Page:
Identification of the mRNAs associated with the TcNRBD1-mRNP

The RNAs associated with TcNRBD1 were also identified by ribonomic analysis of ribonucleoprotein complexes immunoprecipitated with the antiserum against TcNRBD1. As a negative control, we used the preimmune serum. Using an RPKM value of at least 100, we identified 142 transcripts as more abundant, by a fold-change of at least four, in the TcNRBD1-mRNP from epimastigotes compared to the control (FDR >0.02). For stressed epimastigotes, 54 mRNAs were identified as being more abundant, by a fold change of at least four, in the TcNRBD1-mRNP than in the control. In both cases, the most abundant transcripts contained code for ribosomal proteins, corroborating the assumption that TcNRBD1 is linked to the ribosomal complex (Fig 4). The results with all the mRNAs identified are listed in the S3 and S4 Tables. We validated the RNA-seq by immunoprecipitation followed by RT-PCR (S6 Fig). The sequencing data are available at NCBI Sequence read archive under the accession SRS404036.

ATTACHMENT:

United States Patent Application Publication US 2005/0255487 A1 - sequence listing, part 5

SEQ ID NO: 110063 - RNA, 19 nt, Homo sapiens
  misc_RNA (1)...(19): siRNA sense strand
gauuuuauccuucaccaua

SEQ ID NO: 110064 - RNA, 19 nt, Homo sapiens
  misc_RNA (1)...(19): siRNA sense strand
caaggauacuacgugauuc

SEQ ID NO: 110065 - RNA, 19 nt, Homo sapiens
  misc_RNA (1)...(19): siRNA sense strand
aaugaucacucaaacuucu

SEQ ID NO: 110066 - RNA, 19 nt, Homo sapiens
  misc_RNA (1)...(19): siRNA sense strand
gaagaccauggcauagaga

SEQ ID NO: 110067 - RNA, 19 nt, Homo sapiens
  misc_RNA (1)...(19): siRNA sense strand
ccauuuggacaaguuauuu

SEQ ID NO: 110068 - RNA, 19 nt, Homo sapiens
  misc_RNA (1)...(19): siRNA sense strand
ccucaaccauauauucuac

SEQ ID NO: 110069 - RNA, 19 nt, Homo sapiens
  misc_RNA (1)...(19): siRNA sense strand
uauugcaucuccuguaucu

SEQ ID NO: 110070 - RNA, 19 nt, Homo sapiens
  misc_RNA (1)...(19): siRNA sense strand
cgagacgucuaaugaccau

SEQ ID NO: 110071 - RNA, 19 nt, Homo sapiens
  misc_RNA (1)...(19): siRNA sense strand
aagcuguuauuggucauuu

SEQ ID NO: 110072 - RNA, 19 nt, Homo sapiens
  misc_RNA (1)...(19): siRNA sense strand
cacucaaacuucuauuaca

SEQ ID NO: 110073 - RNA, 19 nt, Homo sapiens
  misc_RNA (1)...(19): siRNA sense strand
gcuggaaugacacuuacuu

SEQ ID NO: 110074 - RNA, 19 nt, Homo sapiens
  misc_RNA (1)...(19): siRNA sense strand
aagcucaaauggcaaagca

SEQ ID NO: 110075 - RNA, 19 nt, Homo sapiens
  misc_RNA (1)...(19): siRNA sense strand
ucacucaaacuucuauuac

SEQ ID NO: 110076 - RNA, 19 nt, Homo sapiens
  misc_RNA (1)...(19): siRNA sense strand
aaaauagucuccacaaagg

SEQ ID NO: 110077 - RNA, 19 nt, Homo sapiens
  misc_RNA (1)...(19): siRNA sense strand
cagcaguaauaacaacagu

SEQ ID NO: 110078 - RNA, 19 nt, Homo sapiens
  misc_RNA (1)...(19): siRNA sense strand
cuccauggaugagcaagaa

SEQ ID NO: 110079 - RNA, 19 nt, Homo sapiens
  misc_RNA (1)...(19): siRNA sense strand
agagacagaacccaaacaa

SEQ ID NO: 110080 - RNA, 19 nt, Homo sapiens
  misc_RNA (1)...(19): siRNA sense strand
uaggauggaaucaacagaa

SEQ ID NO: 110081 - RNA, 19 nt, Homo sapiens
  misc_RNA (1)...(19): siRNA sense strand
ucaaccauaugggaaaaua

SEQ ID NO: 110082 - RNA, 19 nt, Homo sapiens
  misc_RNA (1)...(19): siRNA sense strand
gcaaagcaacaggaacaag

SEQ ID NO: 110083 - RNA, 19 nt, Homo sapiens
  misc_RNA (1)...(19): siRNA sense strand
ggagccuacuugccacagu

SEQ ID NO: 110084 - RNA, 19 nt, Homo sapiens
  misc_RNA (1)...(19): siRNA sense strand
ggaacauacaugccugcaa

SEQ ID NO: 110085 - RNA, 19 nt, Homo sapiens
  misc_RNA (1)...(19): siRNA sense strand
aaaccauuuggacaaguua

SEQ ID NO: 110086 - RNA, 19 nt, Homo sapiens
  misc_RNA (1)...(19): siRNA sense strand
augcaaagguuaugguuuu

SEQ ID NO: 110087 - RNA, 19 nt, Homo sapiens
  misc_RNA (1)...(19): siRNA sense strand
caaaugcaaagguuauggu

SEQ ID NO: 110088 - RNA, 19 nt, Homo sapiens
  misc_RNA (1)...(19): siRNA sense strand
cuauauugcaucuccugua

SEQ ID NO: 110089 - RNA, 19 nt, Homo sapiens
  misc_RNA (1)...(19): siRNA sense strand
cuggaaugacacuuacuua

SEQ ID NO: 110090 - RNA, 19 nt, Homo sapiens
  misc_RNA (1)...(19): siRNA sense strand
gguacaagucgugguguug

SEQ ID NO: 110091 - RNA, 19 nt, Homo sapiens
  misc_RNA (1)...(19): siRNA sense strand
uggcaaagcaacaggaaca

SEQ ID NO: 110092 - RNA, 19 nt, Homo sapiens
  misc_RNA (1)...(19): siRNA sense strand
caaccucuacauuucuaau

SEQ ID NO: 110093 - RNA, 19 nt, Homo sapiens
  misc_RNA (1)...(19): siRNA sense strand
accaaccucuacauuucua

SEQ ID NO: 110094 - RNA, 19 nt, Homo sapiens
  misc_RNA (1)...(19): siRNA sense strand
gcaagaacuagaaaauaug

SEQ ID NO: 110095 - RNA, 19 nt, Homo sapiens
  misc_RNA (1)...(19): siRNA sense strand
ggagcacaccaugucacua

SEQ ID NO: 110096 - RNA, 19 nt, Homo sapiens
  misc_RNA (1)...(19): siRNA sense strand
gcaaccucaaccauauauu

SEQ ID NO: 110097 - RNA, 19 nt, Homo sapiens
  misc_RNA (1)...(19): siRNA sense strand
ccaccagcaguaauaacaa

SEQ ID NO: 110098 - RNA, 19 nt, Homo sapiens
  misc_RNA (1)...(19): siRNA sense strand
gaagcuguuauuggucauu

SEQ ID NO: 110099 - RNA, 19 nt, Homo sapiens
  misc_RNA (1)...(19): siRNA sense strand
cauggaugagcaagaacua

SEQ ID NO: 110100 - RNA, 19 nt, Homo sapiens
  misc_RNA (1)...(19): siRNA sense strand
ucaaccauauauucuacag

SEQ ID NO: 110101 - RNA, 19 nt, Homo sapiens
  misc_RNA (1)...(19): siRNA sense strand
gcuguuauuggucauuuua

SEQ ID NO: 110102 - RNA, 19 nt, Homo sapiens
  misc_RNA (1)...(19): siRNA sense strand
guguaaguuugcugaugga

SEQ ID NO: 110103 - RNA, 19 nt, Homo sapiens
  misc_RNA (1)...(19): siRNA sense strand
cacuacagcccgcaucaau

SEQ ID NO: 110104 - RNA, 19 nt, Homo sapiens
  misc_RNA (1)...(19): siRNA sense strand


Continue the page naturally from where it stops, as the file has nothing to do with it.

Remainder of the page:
Fig 4.

Gene Ontology classification of unstressed (A) and stressed epimastigotes (B) transcripts associated with TcNRBD1. The pie chart refers to level 6 in Biological Process. In bold the terms common to both conditions.


The T. cruzi TcNRBD1 protein shows 73% identity to the related proteins p34 and p37 (Fig 1). These proteins showed a dispersed pattern in the cytoplasm, although a nuclear localization has been described in T. brucei [18], and it was proposed that they might play a role in ribosome biogenesis. Co-immunoprecipitation and sucrose gradient sedimentation profiles showed that the p34/p37 proteins interact with 5S rRNA [23]. A knockdown of p34/p37 by RNAi resulted in a dramatic decrease of the 5S rRNA levels as well as an accumulation of the large ribosomal subunit [23]. Despite the high identity between the proteins from T. cruzi and T. brucei, we observed that TcNRBD1 in T. cruzi showed an exclusive cytoplasmic localization. Furthermore, T. brucei displays only one copy of the p34 and p37 genes in the genome, whereas T. cruzi has at least two identical copies of TcNRBD1 in CL Brener.